Old Wine in a New Bottle
As late as 1999, Kodak clung to its belief in the permanence of film cameras, slowing down its foray into digital technology. The company had to fight back its way into the market when rivals from outside photography like Canon and Sony had already established an advantage. Kodak simply did not “get” the customer need for convenience that digital cameras catered to.
Most companies are very good at working on what they do well. They find a way to deliver faster, make their product cheaper or add new, ‘irresistible’ features. They ‘six sigma’ themselves until they are extremely efficient at delivering something customers no longer want. After a while, they work to rejuvenate the product by “repositioning” it, even if nothing much has changed. Unfortunately, this strategy isn’t working so well any longer.
Customers Are Running the Asylum
How did the producer/consumer relationship get changed? How did consumers hijack the value chain? We have to reconcile ourselves to the fact that customers have changed in four ways:
- Customers now depend on other customers, rather than brands. On Amazon, for instance, customer reviews can make or break a product, regardless of what the publisher or manufacturer writes about the offering. Movie viewers rely at least as much on online audience reviews as they do on “professional” movie reviewers.
- When established companies do not meet their needs, online communities and information allows them to find others easily. An example is David Pogue’s NY Times blog campaign to “Take Back the Beep”, a campaign to eradicate the numbingly annoying instructions we helplessly receive every time we leave a voice message (““At the tone, please record your message. When you have finished recording, bla bla bla… Beep)” He is activating tens of thousands to take on the phone companies that have profited from the 17.93 hours of our lives each of us has paid to hear this over and over.
- Social networking also allows people to share their dislike of certain brands with a larger audience than ever before. In 2006, Wal-Mart drew much flak when people found that seemingly independent blogs were actually financed by groups associated with the company.
- In the most interesting (and alarming new development), customers are becoming competitors when existing companies do not produce what they want. Read on…
Skating to Where the Puck Will Be
Companies who miss the real customer need will find that competitors steal a march on them. Spotting the customer need isn’t always easy. After all, rarely does a customer walk up with suggestions for the fantastic new product he or she would like! Companies cannot rely on producing merely what customers ask for at the moment, they must think deeper to identify the underlying need. They cannot just chase the puck, they need to anticipate where it’s going.
Customer need-based innovation comes from a deep understanding of the ‘ultimate benefits’ that customers seek. Marc Bernioff, the founder of the highly successful software-as-a-service, salesforce.com started up his company not to offer customers “better software.” Instead, he understood that most companies wanted to be able to focus on their work instead of dealing with software maintenance and troubleshooting. He therefore designed a product on the premise of “No software” where the user focused on their data and his team would focus on the software!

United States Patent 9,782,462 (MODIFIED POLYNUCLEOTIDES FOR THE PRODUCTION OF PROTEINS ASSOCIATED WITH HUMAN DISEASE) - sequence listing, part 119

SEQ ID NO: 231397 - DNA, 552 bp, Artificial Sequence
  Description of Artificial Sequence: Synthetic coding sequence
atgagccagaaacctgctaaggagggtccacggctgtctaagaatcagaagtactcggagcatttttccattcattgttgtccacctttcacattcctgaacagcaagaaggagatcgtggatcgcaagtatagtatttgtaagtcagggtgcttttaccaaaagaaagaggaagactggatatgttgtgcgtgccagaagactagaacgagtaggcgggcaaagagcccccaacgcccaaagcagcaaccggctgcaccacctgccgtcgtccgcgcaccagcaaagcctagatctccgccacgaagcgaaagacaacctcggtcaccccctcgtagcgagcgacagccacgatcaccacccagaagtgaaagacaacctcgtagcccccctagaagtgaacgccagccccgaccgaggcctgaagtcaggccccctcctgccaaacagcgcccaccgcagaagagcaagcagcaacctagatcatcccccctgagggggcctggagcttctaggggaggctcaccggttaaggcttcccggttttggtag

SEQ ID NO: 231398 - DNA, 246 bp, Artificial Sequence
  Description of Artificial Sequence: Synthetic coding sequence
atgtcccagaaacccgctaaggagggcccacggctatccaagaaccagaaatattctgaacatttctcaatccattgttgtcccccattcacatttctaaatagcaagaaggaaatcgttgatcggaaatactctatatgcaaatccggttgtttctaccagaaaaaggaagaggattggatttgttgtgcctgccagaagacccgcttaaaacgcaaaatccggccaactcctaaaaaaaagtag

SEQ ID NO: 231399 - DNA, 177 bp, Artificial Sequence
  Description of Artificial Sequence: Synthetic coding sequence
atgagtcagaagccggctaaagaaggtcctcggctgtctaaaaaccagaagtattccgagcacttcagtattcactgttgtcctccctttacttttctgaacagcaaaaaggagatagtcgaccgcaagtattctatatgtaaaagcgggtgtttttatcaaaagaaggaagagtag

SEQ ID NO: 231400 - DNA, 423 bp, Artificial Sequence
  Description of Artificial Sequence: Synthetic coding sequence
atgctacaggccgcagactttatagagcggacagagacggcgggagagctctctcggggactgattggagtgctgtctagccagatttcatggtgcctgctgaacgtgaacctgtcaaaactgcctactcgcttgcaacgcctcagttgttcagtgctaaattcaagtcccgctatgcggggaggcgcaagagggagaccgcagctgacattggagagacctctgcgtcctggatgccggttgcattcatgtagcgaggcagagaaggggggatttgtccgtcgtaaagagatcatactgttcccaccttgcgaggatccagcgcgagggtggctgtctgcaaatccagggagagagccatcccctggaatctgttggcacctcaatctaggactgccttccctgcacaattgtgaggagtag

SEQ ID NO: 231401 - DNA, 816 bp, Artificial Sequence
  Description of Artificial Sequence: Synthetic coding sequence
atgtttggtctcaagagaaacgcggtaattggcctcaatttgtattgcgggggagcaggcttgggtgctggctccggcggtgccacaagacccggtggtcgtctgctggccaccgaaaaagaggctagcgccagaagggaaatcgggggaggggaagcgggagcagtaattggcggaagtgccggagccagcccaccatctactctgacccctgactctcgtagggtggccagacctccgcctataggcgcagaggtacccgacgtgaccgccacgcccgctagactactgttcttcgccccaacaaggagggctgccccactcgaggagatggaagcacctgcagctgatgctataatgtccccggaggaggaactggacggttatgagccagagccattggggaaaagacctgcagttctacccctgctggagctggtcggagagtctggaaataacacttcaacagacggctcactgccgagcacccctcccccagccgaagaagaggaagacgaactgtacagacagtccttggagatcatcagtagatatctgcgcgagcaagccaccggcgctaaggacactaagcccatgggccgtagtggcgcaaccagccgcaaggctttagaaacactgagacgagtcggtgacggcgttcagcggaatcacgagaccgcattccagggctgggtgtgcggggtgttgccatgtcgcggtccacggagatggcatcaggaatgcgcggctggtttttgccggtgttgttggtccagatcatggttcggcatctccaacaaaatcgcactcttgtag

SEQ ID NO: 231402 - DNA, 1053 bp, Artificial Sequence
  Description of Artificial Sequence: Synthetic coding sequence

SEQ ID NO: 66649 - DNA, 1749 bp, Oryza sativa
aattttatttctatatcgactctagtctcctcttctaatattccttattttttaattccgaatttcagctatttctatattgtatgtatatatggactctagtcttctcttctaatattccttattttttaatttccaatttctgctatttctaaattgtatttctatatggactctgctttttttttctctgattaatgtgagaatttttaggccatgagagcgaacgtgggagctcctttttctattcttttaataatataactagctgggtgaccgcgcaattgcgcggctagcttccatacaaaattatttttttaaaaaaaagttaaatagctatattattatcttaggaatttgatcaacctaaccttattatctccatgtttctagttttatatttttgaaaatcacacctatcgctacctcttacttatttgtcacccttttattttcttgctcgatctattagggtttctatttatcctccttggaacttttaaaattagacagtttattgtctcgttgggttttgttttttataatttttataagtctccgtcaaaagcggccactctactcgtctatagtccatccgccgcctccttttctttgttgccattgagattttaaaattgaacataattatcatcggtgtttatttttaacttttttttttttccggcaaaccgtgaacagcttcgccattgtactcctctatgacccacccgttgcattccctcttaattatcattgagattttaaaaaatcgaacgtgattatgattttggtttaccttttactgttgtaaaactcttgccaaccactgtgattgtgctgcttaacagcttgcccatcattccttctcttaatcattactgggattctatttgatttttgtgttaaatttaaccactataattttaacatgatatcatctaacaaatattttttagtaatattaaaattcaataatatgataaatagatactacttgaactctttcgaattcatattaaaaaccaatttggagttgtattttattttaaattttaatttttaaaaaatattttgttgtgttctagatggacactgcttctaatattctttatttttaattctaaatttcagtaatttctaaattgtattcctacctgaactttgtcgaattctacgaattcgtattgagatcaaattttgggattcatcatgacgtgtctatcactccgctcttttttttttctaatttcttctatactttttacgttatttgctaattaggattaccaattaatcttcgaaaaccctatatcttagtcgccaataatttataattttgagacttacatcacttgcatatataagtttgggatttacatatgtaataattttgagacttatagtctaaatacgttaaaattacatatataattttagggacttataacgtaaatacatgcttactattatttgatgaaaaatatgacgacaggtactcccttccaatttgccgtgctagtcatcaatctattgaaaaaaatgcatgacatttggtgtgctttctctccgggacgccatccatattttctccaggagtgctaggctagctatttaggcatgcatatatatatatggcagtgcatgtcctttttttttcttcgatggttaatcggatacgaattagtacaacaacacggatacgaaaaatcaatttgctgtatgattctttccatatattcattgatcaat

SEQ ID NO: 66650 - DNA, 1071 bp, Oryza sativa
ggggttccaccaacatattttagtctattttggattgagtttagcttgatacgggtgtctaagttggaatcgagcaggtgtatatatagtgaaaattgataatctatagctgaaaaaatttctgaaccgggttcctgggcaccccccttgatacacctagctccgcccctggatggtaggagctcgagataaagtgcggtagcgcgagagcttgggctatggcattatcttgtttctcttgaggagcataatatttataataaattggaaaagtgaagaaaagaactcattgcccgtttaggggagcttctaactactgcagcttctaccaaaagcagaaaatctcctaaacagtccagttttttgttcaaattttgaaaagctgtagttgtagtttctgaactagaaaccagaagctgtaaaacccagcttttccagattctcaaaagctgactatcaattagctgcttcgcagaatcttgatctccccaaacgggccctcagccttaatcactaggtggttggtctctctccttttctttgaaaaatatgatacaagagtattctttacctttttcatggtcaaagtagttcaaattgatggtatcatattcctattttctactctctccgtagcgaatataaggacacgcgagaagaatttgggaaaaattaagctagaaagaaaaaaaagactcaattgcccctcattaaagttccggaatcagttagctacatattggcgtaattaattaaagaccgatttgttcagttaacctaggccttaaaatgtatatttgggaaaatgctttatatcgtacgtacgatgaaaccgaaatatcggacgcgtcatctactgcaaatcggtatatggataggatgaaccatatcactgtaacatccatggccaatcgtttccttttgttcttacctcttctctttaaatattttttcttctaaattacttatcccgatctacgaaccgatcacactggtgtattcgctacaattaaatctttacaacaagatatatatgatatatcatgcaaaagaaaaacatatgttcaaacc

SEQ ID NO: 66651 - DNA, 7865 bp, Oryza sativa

There are many such opportunities in every market that companies often fail to see. Think of one of the most common sources of information that you may refer to on a daily basis — Wikipedia. Entirely user-built, this free to use resource has effectively put the Encyclopedia Britannica out of existence.
For instance, did you know that freelance or self-employed workers make up fully 30% of the American workforce? This huge segment of working people lack healthcare and other benefits enjoyed by full-time employees. Out of this need gap arose the Freelancers Union, a non-profit organization that offers such coverage and other benefits and now has 63,000 members. In the case of the Freelancers Union, former labor lawyer Sara Horowitz along with other freelancers built a non-profit, self-sustaining cooperative.
When customer-built brands like Freelancers Union emerge, they focus on creating sustainable customer value rather than maximizing profits. This is terribly disrupting for established companies living with the mantra of “maximizing shareholder value”. It’s a totally different business model… but it’s deeper than that – it’s a different (and competitive) business purpose!
Why? What a sustainable benefit-maximizing company is willing to do for its customers is far greater than what the traditional profit-maximizing company will do. And because one company, like Freelancers Union, is willing to go further, it causes a ground-leveling quake as customers all seek to maximize the value for their money.
Why It’s Sellers Who Must Beware!
In a world where word of something truly new and better can sweep across the global internet in a week, companies need to be more oriented towards maximizing value for their customers – even when the economy is tough. Especially when the economy is tough.
What we’re seeing is customers themselves coming together to create a disruption in the market. What they’re saying in effect is, Seller beware! If you don’t cater to our needs, we’ll do it ourselves!
Whether or not companies embrace this phenomenon, it cannot be ignored. Companies that co-opt customers to build brands together will find that they have a better chance of staying relevant. This has already begun in the form of ‘crowd sourcing’ where companies actively invite consumer participation in building new products. Others who focus on superficial repositioning may find that it’s too late when the customer-led or even customer-owned competition leaves them far behind.